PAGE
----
The experiments on these subjects which are described are not numerous enough to satisfy the requirements of
large laboratories. Moreover, sufficient attention seems KOHLRAUSCH'S "PHYSICAL MEASURE
scarcely to have been paid to the fact that students should . MENTS”
be encouraged to apply corrections to the results of experiAn Introduction to Physical Measurements, with Appen ments which they perform, not so much on account of
dices 01 Absolute Electrical Measurement, &c. By | the more accurate numerical values thereby obtained, as Dr. F. Kohlrausch. Translated from the Second Ger- for the sake of the excellent practice the necessary obserman Edition by T. H. Waller, B.A., B.Sc., and H. R. vations often afford, and the insight gained into the Procter, F.C.S. (London: J. and A. Churchill, New theoretical principles on which they are founded. A case Burlington Street, 1873.)
in point is the omission in the article on the DeterM ESSRS. T. H. WALLER and H. R. Procter have mination of Specific Heats by the Method of Mixtures of
IVT furnished us with a translation of the second any account of the correction employed by Regnault for edition of Dr. Ko''rausch's “Physical Measurements," to the loss of heat by radiation. which they have a lded several useful Appendices and We miss all mention of the optical bank, and the Tables.
mathematical expressions for results involving the deterTheir work is intended to serve as a text-book for mination of distance in terms of differential measures on students in experimen: :l physics, and consists mainly of a that instrument. In the article on the spherometer, which collection of the formulæ used in correcting and applying is in other respects incomplete, we see no instructions for the results of the simpler experiments in weighing and finding the radius of a spherical surface too small to permeasuring, heat, light, electricity, and magnetism, accom- mit the instrument to be placed upon it ; and omissions panied in each case by such an account of the method of | are made in the pages devoted to the spectrometer, the observation employed as may suffice to render them intel goniometer, and elsewhere, which combine to render the ligible.
section on Light very imperfect. The limits which the author assigned to himself are Nearly one half of the book is given up to Electricity very clearly laid down in the Translators' preface, in which and Magnetism, subjects in the study of which assistance we are informed that “descriptions of apparatus are but can be more readily rendered by the method of treatment rarely given, as students mostly have instruments provided here adopted than in those we have been discussing, as for them," and also that “the mathematical knowledge numerous mathematical formulæ are required which are in many cases obtained by calculations beyond the grasp an account of the diseases to which it is most liable. of the less advanced pupils'; and the Translators have con These are replete with practical detail that must be most siderably improved what was already good by several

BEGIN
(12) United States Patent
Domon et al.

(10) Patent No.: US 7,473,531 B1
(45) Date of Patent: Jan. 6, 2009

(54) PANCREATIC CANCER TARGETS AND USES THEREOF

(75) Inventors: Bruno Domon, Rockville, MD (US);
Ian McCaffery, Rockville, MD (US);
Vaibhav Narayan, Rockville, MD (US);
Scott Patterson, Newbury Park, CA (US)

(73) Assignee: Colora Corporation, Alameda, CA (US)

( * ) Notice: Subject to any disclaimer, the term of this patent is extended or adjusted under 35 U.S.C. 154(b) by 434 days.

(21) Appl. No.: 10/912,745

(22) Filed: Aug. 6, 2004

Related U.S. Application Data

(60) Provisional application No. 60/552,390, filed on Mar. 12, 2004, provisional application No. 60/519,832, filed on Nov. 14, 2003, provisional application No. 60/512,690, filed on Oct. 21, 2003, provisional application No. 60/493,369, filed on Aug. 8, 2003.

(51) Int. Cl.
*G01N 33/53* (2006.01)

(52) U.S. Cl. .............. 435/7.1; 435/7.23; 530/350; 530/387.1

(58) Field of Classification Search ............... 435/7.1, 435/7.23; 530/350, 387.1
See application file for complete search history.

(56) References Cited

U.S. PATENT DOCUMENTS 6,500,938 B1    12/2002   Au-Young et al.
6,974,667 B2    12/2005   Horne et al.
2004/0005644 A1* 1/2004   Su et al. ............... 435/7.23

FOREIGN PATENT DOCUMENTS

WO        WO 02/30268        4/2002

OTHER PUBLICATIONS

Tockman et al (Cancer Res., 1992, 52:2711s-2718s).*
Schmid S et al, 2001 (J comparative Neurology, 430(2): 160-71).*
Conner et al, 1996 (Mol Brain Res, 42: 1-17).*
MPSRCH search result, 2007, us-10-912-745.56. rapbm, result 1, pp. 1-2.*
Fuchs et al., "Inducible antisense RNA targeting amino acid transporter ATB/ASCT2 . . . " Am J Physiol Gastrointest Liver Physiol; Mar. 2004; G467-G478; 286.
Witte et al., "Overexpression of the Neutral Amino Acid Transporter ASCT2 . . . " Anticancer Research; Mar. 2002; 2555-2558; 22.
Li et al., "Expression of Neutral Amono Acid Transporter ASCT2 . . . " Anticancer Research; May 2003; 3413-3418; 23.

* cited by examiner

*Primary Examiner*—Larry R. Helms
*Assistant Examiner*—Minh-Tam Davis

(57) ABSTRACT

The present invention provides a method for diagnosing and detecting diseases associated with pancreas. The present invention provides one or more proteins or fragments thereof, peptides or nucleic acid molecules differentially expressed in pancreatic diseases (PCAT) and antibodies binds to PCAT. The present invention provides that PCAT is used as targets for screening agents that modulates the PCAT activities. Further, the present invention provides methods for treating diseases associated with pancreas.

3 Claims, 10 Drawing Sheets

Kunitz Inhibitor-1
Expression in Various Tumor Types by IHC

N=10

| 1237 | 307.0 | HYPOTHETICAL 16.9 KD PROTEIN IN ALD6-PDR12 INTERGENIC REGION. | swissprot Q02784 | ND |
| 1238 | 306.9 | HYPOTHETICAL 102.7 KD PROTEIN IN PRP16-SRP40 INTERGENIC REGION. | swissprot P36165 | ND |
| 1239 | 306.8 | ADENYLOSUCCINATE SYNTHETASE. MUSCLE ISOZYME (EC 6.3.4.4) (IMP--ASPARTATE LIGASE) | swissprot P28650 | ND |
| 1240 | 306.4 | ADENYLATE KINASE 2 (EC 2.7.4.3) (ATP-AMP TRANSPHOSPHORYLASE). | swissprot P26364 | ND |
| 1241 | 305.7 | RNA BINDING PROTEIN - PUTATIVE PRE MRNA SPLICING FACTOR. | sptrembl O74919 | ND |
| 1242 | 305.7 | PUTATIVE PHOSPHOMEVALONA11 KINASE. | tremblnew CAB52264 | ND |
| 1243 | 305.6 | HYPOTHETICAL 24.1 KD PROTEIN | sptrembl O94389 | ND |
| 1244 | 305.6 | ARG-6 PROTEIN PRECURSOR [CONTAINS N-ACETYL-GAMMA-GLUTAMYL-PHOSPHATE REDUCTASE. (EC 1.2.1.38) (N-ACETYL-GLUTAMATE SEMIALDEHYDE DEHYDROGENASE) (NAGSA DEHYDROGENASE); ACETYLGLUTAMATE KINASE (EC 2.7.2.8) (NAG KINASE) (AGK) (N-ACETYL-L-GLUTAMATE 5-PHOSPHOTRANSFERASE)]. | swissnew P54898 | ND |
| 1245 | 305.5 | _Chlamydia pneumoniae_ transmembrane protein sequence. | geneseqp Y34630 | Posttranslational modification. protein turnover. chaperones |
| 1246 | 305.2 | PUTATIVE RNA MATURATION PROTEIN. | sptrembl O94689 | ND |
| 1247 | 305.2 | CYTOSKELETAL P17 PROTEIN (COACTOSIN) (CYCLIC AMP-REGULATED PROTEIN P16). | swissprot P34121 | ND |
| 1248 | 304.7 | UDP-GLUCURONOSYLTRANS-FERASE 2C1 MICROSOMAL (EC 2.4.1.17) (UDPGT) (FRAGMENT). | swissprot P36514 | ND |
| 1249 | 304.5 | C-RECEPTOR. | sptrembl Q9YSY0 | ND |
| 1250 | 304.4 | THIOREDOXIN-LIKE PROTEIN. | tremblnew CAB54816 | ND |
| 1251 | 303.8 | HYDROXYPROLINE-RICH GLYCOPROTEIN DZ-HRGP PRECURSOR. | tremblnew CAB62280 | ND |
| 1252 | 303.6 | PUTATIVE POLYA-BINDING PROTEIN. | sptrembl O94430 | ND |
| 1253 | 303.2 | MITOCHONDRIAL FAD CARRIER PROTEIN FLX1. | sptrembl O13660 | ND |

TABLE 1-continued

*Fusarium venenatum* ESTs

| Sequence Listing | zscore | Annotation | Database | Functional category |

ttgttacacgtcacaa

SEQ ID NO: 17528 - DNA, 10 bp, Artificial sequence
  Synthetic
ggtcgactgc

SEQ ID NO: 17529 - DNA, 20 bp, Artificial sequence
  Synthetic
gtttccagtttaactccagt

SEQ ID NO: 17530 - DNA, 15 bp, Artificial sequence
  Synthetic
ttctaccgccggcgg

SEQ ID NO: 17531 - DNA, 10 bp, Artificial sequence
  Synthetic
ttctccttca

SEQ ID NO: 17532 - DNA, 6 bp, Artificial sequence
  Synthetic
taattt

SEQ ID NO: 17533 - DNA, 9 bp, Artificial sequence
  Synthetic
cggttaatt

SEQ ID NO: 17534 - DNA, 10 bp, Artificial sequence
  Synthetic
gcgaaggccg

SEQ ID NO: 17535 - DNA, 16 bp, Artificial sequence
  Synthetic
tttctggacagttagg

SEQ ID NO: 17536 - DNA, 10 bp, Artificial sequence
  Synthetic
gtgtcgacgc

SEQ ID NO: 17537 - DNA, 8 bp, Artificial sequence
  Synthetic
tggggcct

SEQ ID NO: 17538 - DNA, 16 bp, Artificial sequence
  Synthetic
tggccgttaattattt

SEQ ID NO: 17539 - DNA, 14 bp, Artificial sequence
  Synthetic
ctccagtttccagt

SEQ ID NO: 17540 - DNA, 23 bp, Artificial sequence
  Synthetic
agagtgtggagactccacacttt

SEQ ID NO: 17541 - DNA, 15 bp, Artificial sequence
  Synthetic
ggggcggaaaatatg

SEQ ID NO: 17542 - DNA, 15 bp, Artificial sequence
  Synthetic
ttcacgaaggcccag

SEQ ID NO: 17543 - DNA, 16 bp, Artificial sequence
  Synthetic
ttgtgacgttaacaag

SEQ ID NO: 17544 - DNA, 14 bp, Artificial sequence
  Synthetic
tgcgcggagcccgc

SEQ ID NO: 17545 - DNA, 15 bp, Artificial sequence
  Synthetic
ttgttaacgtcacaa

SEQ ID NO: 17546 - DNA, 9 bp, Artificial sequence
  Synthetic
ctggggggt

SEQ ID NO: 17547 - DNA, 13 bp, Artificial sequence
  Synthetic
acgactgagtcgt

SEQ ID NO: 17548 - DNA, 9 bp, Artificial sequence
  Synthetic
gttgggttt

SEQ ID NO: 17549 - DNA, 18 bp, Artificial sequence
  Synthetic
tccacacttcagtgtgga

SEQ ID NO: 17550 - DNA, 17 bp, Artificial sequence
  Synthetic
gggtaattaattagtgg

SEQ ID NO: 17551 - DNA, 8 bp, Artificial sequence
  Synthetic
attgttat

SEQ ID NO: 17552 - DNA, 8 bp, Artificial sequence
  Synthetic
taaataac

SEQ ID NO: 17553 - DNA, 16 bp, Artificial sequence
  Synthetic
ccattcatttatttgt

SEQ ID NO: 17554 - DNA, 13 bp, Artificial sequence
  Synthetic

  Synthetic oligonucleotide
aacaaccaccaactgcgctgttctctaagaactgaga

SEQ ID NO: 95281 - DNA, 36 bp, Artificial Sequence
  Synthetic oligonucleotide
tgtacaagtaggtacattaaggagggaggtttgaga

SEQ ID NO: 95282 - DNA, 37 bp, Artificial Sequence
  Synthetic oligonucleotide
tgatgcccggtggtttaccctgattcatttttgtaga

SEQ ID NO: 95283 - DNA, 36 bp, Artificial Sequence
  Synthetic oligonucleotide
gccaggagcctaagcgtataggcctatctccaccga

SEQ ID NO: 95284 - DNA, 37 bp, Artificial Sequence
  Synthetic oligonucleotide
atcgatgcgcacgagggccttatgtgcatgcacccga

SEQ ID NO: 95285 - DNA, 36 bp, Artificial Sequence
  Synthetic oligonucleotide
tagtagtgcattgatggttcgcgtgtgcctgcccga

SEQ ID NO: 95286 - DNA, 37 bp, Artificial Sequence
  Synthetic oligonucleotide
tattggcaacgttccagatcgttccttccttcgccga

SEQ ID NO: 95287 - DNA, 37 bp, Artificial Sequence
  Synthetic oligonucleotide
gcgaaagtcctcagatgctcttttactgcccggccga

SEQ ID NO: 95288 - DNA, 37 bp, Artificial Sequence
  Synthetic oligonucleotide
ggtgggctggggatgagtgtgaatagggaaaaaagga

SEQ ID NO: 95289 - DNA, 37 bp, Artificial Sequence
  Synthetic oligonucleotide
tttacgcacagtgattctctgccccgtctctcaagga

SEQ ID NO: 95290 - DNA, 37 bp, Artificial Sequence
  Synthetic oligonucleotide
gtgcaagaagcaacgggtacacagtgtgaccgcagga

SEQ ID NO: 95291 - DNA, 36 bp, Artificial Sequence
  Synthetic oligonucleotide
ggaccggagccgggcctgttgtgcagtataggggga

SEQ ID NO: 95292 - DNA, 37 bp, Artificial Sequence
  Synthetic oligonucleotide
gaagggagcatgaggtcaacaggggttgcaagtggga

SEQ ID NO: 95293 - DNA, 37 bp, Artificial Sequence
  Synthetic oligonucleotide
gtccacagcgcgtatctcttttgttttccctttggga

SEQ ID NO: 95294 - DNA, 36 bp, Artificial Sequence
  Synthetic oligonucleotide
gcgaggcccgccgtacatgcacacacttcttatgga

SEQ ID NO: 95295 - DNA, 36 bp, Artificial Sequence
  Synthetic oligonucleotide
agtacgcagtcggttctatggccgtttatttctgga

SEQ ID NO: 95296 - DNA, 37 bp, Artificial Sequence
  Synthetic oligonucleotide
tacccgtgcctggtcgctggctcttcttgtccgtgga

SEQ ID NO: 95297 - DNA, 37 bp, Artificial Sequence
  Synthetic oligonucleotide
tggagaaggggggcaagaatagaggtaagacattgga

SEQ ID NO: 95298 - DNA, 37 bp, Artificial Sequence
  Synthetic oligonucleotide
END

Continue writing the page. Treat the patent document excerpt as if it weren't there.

valuable to the many who spend such large sums on preAppendices, among which one of the most important is
serving game, and to those who have the actual superin
tendence of the coverts themselves. Particular attention that on Thomson's electrometer. Some preliminary
is drawn to the great difference between birds, like the sections are devoted to the reduction of observations common Fowl (Gallus bankiva), which are capable of made with the mirror and scale to angular measure, to domestication in the true sense of the word, and the the determination of the position of equilibrium and time Pheasants, which, though individuals are frequently of oscillation of a magnetic needle and similar topics,
known to become tame, can never be really domeswhile the methods of reading the various magnetometers
ticated ; even the young ones taking to the woods on the
earliest opportunity, whilst the opposite inherent pecuand galvanometers, and the measurement of resistance | liarities of the poultry have given rise to the proverb-and electromotive force, are afterwards discussed.
“Curses, like chickens, come home to roost." AltoOn the whole the principal fault we have to find with gether this work supplies a long-felt want, and its perusal the book is a want of fulness, especially in the earlier por- | will well repay anyone who takes it up. tions. It aims at supplying a want already felt, and which will become still more pressing as the number of those who make some progress in the study of Natural
LETTERS TO THE EDITOR Science increases, and we are not aware of the existence [The Editor does not hold himself responsible for opinions expressed of any manual which gives the information contained in
by his correspondents. No notice is taken of anonymous it in an equally compact and handy form ; while the
communications.] tables, thirty in number, which fill the concluding pages,
Wasps will often save time and trouble to those engaged in labo
Perhaps it may be of interest to some of your readers, who
make entomology their study, to know that the wasps in a nest ratory work. Although, then, as we have already
about a mile from this were still tolerably active on the 13th of pointed out, we consider it capable of very considerable this month, when my attention was attracted by the loud buzzing improvement, yet probably most teachers of Experi